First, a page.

400 celebrate 50th anniversary of pharmacy at URI

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College of Pharmacy alumni, faculty, students toast past, future

KINGSTON, R.I. – March 12, 2008 – It was billed as the 50th Anniversary Gala of the University of Rhode Island’s College of Pharmacy.

But Sunday’s celebration at the Newport Marriott marking the college’s opening year, 1957-58, was more like a reunion with young and old alumni reconnecting, faculty members sharing laughs about the early days and friends joining the night of comedy, dining and dancing.

“Tonight is about 50 years of dedication to excellence in teaching and research by our former and current faculty and the staff who support them, and it is about our hopes and dreams for even greater success in these areas in the future,” said Ronald P. Jordan, interim dean of the College of Pharmacy.

“Tonight is about a college that boasts the brightest, the most well prepared and the most well rounded pharmacy graduates in the New England region.”

Jordan talked about families with several generations that have studied at the College, husbands and wives who met at the College and alumni who are leaders in pharmacy, law and numerous areas of health care delivery.

“Tonight is about a College of Pharmacy inventors, innovation and highly successful entrepreneurs who have designed and patented new dose forms, developed new products and launched successful businesses that have improved peoples’ lives,” Jordan said.

Associate Dean Joan Lausier, who was the first woman appointed to the pharmacy faculty, began her remarks by singing the opening line from the “Welcome Back Kotter” sitcom, “Welcome back, welcome back, your dreams were your ticket out.”

“We have kept the home fires burning for you, and we want all of you to stay in touch and keep the relationship going with us,” Lausier said. “As I was thinking of what to say in recognition of our 50 years of pharmacy at URI, I realized that I have been here for 45 of those 50 years, either as a student, faculty member or administrator. I know all the dirt, I know all the joys and all of the sadness.”

Joyce Luzzi, the widow of Louis Luzzi, the second dean of the College who died last summer, offered some words of tribute to her husband and addressed the need to raise funds for the College’s new $75 million home. Voters approved a $65 million bond issue, for the building, but $10 million must be raised privately to complete it. Fogarty Hall, the College’s current home, long ago became obsolete and too small.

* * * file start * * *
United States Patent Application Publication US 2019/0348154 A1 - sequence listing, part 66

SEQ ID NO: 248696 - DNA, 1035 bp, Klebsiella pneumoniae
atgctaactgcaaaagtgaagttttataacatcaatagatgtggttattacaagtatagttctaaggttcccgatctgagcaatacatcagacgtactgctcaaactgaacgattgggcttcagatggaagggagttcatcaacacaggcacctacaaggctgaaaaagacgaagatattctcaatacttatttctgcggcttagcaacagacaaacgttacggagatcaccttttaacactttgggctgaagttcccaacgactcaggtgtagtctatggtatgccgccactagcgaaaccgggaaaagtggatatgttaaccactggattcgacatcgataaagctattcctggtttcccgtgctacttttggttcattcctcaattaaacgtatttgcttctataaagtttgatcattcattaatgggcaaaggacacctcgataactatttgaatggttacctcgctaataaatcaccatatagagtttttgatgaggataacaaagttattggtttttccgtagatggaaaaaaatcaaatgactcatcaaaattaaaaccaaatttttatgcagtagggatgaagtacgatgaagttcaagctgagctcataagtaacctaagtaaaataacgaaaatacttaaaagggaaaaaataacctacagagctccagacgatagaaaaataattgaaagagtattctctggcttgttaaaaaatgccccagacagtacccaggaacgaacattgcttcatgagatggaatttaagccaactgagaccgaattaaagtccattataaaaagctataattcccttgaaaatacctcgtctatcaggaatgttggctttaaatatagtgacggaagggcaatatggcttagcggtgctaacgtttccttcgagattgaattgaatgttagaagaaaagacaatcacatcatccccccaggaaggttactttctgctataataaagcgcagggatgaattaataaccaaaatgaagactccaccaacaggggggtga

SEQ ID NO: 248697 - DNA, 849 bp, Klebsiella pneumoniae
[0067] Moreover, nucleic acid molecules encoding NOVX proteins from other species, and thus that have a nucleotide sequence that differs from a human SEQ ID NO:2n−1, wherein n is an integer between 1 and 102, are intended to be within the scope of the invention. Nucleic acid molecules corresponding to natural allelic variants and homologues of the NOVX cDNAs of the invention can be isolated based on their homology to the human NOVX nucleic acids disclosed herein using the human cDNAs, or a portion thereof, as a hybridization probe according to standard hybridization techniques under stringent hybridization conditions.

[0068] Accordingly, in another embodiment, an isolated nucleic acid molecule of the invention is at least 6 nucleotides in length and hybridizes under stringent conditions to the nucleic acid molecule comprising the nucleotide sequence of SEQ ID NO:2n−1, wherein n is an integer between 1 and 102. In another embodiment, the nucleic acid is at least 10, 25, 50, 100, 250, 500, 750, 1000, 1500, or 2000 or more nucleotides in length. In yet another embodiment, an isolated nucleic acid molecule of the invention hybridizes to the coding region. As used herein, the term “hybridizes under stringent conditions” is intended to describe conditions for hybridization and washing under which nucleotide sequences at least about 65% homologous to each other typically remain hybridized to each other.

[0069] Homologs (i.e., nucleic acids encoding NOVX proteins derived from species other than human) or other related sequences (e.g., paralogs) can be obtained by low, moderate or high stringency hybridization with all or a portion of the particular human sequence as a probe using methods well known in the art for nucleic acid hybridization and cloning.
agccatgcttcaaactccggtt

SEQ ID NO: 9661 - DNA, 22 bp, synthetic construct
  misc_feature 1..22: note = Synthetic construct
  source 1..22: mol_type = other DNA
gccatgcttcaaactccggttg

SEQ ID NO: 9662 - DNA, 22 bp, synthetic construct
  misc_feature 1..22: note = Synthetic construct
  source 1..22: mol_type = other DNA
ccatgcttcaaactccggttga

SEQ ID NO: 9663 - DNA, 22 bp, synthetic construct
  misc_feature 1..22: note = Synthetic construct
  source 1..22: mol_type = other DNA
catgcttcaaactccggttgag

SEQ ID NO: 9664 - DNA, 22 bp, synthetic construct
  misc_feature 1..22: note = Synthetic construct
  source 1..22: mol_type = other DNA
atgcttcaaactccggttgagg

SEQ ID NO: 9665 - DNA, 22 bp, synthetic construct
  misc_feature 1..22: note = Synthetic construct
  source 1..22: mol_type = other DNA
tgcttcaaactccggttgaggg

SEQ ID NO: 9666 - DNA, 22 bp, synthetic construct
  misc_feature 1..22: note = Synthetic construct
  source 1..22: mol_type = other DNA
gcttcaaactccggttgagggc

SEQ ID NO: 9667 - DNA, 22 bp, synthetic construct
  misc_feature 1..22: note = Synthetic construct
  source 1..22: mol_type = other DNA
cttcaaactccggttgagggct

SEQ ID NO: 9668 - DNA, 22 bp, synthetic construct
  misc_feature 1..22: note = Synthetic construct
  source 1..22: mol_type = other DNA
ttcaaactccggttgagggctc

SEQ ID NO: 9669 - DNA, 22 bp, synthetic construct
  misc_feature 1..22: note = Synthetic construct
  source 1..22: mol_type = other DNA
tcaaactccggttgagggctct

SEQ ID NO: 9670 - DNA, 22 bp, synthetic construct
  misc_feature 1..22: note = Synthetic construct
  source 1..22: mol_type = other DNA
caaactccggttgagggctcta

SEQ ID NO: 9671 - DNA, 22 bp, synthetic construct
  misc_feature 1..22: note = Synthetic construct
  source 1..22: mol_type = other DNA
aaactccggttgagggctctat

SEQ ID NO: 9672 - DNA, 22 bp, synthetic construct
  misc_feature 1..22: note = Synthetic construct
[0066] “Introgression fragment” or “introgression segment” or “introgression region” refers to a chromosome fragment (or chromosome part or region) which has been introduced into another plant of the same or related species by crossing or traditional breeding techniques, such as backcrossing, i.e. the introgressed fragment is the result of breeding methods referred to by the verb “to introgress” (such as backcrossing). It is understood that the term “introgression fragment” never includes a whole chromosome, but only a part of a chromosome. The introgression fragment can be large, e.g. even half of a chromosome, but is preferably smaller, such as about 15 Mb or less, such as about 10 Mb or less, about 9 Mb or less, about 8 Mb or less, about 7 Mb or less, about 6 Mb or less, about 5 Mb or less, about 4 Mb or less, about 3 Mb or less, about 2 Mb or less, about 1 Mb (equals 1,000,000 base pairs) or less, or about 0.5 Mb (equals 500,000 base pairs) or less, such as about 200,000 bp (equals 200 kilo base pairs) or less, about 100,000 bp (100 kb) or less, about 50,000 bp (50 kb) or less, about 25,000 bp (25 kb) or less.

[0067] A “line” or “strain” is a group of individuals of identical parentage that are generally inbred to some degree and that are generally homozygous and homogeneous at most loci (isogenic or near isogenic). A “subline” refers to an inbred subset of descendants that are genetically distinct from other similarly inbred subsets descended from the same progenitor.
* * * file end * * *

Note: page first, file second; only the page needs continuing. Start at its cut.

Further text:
“Before he retired, Lou was often afraid that the building was going to fall down around him,” Joyce joked.

To help encourage donations to the building effort, Joyce that night committed $510.25 from the Luzzi family for each year following his 1959 graduation from URI.

In thanking Joyce Luzzi, Jordan said, “The generous gift from the Luzzi family totaling $25,000 brings the group of gifts dedicated to a new pharmacy facility naming opportunity for Dean Luzzi to nearly $100,000,” Jordan said.

He said now that several major events are behind the College, it can focus its attention on the University’s “Making a Difference” Campaign.

Earlier in the evening, Jordan thanked the event chairs, Celia P. MacDonnell, class of 1975 and Douglas Fisher, class of 1971.

MacDonnell and Fisher then introduced five individuals called “Cornerstones of the College,” individuals who played key roles in the College’s early years: Professor Emeritus Leonard Worthen, a member of the original faculty from 1957 and former associate dean; Professor Emeritus Yuzuru Shimizu, who came to the College in 1969 and is known as an international pioneer in researching drugs from the sea; Professor Alvin Swonger, who came to the College in 1971, and invented the “test bank” to prepare his students for exams; Associate Dean Joan Lausier, class 1967, who was the first woman faculty member in 1971 and loved by generations of students; and Professor Emeritus Norman Campbell, class of 1957, the last class at the Rhode Island College of Pharmacy and Allied Sciences, who came to the College in 1971, who taught law and ethics and was a mentor for hundreds of students.